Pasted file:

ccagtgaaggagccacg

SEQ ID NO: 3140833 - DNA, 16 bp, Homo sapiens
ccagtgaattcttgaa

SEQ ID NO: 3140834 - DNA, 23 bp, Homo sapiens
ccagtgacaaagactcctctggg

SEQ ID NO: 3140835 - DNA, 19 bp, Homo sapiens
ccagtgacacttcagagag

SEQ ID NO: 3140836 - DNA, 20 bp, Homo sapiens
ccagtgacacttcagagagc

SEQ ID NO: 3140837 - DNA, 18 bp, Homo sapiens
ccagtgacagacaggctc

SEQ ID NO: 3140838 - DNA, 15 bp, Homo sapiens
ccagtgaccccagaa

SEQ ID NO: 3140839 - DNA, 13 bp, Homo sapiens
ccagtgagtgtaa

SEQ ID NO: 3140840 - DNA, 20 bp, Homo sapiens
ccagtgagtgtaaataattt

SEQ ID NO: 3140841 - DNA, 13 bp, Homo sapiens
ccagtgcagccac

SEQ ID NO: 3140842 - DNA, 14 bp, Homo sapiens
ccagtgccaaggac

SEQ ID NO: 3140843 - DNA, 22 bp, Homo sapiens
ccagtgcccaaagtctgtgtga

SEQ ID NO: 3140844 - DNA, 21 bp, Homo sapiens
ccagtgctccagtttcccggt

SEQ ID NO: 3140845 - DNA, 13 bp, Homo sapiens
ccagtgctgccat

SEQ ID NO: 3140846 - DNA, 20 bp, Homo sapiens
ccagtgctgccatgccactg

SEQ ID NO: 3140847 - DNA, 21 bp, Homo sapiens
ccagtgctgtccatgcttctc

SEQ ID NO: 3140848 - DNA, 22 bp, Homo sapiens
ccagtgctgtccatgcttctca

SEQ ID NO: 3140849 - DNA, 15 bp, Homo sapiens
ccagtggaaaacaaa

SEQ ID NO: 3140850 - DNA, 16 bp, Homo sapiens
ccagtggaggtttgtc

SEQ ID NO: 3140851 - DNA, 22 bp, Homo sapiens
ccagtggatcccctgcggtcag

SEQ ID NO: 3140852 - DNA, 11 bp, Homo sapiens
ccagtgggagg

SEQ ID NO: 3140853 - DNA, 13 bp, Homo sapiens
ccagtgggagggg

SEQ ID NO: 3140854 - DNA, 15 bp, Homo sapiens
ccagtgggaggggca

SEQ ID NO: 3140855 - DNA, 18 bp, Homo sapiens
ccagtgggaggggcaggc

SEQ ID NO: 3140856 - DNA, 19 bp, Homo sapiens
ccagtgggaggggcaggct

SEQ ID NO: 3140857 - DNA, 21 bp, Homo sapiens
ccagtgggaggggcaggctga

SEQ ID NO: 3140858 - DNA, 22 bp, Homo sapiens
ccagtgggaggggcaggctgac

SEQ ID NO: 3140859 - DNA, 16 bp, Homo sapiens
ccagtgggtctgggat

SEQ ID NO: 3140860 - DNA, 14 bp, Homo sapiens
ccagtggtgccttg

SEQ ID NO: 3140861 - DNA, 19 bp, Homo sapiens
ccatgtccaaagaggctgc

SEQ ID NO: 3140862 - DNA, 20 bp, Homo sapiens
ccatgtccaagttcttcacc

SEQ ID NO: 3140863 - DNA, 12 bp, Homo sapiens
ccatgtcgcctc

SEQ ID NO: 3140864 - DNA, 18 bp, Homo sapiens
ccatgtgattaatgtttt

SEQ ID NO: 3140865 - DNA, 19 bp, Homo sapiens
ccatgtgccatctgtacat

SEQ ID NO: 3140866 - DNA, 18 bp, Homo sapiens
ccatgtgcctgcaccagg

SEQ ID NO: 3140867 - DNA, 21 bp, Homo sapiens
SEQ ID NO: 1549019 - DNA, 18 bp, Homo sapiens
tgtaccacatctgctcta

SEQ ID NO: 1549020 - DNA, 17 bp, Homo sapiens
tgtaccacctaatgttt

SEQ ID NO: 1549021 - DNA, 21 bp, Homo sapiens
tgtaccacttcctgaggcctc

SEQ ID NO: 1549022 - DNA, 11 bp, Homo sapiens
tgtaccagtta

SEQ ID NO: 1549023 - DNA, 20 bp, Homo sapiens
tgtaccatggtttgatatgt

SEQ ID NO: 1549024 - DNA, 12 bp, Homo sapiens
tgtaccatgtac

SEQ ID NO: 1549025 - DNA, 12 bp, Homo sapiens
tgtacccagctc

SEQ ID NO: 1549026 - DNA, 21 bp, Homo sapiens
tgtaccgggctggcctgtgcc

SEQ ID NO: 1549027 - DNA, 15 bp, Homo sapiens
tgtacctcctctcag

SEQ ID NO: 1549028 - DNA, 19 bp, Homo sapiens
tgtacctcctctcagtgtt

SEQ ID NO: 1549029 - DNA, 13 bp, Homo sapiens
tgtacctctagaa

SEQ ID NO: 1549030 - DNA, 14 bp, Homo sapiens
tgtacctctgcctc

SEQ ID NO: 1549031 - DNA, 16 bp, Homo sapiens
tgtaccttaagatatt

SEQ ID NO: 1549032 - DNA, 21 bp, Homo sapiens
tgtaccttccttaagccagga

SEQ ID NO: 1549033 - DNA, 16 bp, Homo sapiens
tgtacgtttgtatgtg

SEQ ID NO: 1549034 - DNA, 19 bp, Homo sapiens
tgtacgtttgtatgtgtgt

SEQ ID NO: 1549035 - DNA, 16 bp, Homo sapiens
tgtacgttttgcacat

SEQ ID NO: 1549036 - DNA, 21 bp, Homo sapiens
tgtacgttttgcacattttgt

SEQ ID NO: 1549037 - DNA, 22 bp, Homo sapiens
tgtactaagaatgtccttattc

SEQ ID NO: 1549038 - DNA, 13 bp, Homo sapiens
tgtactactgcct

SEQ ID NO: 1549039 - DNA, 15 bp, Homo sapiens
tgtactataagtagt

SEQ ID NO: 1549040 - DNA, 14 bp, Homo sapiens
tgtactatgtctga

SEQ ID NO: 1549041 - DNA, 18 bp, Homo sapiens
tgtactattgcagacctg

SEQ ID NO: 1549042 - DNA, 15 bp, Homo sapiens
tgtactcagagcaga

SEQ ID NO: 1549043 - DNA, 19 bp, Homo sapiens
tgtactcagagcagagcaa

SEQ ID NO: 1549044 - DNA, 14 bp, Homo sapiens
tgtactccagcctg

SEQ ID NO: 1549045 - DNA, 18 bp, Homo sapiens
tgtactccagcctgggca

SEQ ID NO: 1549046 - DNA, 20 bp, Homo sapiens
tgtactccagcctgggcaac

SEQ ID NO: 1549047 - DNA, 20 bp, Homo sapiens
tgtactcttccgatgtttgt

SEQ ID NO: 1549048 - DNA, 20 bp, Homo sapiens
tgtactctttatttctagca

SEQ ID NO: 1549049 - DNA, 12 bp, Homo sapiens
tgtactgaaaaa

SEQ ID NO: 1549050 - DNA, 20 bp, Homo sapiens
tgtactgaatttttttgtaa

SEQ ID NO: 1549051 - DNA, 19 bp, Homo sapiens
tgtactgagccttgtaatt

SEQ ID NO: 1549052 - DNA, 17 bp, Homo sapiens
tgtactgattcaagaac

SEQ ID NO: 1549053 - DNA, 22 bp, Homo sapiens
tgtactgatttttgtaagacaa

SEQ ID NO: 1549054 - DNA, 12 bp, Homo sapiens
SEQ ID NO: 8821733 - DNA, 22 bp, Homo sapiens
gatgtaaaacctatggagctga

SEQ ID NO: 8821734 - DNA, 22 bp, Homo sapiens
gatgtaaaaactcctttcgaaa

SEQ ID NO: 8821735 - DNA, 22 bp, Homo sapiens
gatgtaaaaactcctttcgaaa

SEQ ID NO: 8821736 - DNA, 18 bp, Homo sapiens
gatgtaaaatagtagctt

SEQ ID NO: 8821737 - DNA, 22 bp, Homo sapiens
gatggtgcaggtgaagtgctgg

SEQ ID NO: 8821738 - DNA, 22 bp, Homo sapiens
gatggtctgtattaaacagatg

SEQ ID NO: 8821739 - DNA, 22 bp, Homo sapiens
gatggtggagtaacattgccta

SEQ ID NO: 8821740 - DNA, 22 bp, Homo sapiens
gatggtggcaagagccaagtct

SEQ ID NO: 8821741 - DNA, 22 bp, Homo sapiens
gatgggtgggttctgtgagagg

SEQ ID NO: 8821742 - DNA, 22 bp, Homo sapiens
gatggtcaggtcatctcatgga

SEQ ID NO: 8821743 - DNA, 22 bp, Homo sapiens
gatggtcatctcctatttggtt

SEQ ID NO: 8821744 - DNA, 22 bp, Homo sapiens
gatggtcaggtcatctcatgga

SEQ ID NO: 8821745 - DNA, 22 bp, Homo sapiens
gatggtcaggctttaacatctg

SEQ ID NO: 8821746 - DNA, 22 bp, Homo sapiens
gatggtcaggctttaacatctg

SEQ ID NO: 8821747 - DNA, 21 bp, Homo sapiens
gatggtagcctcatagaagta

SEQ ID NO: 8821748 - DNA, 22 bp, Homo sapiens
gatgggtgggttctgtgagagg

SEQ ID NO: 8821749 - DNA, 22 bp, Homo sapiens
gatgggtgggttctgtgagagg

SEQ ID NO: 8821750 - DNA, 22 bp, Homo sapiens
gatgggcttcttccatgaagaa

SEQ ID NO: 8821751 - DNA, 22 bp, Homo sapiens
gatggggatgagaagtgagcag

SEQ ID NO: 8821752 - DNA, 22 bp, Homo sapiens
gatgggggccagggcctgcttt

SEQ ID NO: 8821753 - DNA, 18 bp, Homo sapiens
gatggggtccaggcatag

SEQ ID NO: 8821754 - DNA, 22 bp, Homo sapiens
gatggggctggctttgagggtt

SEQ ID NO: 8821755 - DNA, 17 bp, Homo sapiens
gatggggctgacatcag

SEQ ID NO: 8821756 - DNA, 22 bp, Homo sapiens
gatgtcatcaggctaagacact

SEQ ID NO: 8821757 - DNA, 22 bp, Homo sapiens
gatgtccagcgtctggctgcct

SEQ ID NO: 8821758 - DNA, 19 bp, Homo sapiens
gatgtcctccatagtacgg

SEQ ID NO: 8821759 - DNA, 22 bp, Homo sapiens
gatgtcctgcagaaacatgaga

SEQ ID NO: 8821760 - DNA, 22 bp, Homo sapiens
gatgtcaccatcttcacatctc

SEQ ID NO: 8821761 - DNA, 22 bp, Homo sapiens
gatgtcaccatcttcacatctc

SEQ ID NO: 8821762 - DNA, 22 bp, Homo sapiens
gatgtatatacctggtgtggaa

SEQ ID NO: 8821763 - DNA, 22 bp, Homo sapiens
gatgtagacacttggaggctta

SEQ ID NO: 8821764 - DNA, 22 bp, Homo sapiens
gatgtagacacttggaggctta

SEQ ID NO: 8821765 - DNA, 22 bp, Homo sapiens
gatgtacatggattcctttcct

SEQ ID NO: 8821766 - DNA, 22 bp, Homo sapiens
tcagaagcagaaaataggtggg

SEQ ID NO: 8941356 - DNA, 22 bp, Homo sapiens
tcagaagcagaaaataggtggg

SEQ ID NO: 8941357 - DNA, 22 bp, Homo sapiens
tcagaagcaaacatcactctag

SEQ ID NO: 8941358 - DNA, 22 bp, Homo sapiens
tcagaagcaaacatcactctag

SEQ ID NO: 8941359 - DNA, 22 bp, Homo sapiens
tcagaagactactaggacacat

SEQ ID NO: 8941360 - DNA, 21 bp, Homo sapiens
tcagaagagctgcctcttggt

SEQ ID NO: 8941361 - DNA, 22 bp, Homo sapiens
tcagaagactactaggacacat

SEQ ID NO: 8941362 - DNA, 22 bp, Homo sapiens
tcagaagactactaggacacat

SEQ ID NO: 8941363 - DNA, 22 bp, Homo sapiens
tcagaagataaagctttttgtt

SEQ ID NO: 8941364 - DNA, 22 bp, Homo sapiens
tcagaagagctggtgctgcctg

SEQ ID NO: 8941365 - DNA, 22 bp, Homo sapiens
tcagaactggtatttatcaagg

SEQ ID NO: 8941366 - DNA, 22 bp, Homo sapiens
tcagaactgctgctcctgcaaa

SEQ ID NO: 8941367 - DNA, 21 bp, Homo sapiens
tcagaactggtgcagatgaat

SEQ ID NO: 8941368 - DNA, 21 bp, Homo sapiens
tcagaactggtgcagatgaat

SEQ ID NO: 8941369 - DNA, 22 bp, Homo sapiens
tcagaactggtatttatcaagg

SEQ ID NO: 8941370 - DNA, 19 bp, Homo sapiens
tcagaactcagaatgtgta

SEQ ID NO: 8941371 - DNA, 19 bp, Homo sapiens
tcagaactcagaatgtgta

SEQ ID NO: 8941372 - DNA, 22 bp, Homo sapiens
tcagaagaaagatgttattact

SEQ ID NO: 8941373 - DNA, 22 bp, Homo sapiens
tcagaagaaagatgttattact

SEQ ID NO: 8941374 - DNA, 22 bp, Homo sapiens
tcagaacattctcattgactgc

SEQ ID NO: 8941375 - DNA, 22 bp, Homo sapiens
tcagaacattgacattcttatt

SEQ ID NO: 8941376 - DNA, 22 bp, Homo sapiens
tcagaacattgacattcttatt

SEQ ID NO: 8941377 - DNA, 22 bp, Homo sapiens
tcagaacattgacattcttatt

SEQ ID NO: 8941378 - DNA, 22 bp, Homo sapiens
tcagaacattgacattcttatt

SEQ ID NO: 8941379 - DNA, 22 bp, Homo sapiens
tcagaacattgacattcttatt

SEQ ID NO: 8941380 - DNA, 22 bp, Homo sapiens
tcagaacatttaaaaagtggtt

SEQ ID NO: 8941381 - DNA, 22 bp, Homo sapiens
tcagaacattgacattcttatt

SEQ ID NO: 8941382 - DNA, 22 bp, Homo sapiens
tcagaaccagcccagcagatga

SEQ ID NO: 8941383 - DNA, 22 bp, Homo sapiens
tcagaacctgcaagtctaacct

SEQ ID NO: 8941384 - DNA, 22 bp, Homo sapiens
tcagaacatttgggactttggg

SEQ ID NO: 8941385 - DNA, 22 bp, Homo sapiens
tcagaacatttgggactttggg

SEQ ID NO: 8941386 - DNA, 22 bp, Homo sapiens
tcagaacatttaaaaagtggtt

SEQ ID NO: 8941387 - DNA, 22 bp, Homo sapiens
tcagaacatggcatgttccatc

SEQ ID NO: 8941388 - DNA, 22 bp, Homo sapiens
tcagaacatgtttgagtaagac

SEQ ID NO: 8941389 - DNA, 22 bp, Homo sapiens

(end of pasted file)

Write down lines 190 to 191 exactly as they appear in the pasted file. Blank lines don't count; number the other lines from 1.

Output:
SEQ ID NO: 8821757 - DNA, 22 bp, Homo sapiens
gatgtccagcgtctggctgcct